Free for the taking. Free lunch. Absolutely no cost. Something for nothing. Don’t you love it when you can get something for free?
Input costs keep rising. Seed, fertilizer, pesticides, fuel, hay, supplements, trucking – everything seems to get more expensive. But miraculously, the most important input is still free. That input is sunlight.
Grassland managers need to capitalize on free sunlight to be profitable. That’s especially important after receiving good rains. With good moisture and the return of warm temperatures, pastures and rangeland are poised to grow rapidly.
Just because sunlight is free, though, don’t take it for granted. Instead, take advantage of as much free sunlight as possible. As your grazing lands capture more solar energy, they become more productive and your livestock more profitable.
The only way to capture solar energy is with healthy, green leaves. The more land area completely covered by green leaves, the more sunlight that’s captured and converted into more grazable forage.
This season, as you check your livestock and pastures, don’t just look over the pastures. Also look down. Straight down. How much bare ground do you see? How much dead litter or brown, dying leaves? And – how much healthy, green leaf area? The more green, the better.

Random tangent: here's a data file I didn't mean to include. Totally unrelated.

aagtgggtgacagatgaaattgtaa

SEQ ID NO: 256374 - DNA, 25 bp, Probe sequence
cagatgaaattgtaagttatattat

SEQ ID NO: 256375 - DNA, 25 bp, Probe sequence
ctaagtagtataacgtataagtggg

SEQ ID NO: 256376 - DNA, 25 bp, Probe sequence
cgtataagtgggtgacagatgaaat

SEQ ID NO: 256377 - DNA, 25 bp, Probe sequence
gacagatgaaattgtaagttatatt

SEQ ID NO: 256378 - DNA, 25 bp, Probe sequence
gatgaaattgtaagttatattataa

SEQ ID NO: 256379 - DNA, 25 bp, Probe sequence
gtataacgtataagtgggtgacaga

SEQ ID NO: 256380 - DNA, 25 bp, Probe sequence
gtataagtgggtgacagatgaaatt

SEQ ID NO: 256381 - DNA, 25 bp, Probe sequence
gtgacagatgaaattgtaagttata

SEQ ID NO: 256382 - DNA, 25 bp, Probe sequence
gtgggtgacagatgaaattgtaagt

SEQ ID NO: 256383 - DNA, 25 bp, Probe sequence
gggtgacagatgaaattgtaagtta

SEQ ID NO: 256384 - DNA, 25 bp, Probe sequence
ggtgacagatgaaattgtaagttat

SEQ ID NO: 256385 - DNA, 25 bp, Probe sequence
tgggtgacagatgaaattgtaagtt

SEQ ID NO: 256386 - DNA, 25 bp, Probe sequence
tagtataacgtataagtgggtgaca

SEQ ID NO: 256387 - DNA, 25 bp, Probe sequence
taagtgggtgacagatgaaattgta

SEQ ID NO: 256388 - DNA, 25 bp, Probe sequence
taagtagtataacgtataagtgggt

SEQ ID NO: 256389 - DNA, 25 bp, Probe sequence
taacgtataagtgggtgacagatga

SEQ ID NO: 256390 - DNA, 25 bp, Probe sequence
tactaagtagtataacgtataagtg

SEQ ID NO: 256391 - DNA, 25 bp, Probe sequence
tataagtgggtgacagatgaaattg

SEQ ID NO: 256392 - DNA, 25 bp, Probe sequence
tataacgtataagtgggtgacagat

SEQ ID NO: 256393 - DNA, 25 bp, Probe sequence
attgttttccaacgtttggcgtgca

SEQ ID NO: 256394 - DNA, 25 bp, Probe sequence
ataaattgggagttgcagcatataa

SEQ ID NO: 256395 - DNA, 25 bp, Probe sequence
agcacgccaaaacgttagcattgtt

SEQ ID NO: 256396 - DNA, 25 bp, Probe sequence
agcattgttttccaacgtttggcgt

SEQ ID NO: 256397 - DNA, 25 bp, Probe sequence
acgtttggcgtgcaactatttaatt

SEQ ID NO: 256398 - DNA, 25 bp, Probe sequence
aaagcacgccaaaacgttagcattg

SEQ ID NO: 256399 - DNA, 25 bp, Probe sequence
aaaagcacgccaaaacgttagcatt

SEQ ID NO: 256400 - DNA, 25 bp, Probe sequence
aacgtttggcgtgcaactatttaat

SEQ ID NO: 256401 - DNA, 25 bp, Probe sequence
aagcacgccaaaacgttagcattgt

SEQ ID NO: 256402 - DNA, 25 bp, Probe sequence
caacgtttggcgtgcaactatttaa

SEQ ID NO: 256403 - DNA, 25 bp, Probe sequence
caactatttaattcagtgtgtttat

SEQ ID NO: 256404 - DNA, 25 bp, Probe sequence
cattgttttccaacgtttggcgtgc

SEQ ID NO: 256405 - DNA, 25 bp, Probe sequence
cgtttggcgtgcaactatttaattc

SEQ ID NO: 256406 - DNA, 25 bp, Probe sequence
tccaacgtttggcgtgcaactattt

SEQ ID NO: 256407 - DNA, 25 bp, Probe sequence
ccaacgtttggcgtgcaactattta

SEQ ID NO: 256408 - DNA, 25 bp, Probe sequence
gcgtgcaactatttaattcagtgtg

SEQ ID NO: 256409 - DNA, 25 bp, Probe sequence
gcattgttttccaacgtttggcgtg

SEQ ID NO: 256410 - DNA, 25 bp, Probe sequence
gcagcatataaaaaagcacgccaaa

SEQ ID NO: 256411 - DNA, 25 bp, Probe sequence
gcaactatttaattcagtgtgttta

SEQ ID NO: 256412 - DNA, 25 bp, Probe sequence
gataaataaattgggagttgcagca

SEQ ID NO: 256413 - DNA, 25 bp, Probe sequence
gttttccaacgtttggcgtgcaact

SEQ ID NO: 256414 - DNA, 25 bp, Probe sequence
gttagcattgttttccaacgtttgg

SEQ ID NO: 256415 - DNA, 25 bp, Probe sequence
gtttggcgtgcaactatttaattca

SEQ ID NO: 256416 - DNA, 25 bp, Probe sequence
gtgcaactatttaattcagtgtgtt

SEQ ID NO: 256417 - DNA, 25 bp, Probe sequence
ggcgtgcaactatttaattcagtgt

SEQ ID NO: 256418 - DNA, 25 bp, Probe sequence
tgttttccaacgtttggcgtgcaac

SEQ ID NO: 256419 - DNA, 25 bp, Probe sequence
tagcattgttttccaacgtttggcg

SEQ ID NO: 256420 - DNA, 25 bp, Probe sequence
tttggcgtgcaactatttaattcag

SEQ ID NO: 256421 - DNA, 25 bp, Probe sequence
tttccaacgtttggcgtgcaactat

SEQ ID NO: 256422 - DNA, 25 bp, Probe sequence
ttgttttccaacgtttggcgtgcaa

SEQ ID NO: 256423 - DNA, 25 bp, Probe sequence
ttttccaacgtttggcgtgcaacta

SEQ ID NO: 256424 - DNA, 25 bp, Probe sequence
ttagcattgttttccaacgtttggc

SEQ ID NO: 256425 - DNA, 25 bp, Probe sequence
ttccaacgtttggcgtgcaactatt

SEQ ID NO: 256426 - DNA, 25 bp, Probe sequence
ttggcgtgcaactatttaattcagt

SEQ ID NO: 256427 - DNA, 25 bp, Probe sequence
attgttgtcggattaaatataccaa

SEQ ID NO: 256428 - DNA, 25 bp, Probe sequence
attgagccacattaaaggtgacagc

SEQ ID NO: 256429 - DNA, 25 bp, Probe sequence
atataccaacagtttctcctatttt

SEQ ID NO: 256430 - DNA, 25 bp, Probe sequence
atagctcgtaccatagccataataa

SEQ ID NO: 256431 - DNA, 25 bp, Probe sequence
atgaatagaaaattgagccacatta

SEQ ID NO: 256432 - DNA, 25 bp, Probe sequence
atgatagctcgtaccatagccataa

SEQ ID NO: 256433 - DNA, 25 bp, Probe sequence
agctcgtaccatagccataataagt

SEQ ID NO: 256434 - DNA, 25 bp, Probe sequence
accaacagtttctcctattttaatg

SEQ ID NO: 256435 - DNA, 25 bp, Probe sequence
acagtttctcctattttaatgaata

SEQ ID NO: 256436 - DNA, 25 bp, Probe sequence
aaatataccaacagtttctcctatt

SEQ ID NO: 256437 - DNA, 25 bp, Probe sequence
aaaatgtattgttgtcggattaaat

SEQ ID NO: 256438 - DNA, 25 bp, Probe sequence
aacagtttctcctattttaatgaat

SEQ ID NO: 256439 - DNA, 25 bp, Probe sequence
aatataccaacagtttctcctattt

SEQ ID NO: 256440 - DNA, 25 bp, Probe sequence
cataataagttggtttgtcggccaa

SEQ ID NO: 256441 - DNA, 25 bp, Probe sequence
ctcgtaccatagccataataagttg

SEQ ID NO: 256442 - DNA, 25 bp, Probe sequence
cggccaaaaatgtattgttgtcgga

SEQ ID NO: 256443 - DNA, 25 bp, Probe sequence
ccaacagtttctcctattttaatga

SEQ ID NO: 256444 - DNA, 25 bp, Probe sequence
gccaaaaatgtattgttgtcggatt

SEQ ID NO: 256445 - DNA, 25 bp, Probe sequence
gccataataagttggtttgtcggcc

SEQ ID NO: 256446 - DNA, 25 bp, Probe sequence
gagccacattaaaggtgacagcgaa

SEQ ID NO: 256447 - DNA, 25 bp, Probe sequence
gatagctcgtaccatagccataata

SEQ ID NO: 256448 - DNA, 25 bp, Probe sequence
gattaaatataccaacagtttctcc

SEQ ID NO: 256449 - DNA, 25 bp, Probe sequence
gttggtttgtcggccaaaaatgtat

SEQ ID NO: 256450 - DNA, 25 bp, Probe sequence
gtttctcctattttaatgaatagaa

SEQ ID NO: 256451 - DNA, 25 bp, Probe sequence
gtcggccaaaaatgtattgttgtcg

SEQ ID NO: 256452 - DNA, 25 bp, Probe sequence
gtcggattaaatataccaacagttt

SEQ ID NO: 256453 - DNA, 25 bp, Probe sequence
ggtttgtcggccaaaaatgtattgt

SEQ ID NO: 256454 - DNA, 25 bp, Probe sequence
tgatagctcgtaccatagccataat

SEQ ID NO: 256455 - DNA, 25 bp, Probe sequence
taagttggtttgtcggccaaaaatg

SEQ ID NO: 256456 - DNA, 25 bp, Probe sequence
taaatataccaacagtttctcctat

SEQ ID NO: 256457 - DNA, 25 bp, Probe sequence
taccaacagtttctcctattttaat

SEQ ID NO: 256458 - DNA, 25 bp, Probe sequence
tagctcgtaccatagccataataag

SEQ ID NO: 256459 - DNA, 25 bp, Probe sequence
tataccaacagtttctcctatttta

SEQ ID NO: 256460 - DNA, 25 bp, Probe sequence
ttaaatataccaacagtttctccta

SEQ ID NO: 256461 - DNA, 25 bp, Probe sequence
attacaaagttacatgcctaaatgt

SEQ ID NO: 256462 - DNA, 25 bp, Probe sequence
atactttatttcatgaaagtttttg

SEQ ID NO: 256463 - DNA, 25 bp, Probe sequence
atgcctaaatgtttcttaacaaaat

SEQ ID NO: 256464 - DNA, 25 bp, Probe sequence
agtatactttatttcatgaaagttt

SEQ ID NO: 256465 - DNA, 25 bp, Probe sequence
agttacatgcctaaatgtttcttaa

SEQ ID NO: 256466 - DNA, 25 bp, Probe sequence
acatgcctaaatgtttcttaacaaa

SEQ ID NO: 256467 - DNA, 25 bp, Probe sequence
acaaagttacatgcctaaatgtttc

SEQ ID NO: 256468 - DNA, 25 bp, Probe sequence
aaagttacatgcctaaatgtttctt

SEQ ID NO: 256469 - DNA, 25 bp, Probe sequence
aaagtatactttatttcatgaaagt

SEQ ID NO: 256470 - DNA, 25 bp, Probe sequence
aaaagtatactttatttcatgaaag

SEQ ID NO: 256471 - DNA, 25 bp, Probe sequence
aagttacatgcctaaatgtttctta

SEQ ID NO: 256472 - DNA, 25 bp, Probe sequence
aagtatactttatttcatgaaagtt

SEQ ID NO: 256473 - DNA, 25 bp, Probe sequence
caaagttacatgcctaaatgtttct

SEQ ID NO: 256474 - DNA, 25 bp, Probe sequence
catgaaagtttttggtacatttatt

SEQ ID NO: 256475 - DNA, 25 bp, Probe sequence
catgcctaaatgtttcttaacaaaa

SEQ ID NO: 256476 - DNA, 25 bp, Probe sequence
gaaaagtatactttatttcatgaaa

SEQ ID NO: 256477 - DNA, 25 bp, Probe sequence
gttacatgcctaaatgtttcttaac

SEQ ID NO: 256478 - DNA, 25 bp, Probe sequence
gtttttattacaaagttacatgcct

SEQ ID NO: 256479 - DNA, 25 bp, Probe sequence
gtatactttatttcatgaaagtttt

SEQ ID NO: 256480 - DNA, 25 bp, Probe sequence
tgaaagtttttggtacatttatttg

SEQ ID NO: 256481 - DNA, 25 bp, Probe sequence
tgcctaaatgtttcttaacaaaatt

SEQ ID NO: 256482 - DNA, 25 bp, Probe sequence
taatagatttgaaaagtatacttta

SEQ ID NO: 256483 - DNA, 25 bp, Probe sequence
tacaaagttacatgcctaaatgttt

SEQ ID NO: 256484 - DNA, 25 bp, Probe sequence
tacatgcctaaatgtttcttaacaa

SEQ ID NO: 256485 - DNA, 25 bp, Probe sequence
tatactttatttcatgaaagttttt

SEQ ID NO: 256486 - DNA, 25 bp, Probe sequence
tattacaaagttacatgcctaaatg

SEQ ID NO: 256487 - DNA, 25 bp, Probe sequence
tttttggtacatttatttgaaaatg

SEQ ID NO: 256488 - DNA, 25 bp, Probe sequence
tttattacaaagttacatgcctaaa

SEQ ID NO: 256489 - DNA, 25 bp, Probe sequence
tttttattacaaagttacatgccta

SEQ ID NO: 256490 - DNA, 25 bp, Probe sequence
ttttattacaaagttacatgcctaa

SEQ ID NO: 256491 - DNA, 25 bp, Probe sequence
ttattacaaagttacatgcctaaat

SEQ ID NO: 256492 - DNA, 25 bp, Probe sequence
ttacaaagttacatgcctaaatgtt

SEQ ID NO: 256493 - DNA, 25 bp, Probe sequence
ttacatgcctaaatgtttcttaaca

Increasing the amount of green leaves capturing sunlight begins with proper stocking rate. Once that’s accomplished, avoid grazing too short. Move animals to new pastures while you still have lots of green leaves remaining to capture sunlight.
Then your plants will harvest that sunlight, regrow more rapidly, and produce more forage for your animals to graze later on.
Our free Grazing 101 ebook and online courses give you the background you need to think through the best way to keep as many green leaves as possible while growing healthy animals and meeting your goals. Check them out here.
In our area there is anxiety and anticipation of solar farms moving in. As I walkabout tending my cattle and managing fields ( in last few years converted from row crops) it has dawned on me that I already hav a solar farm, collecting solar energy in excess of 300 days per year. Turning sun shine into supper.😊
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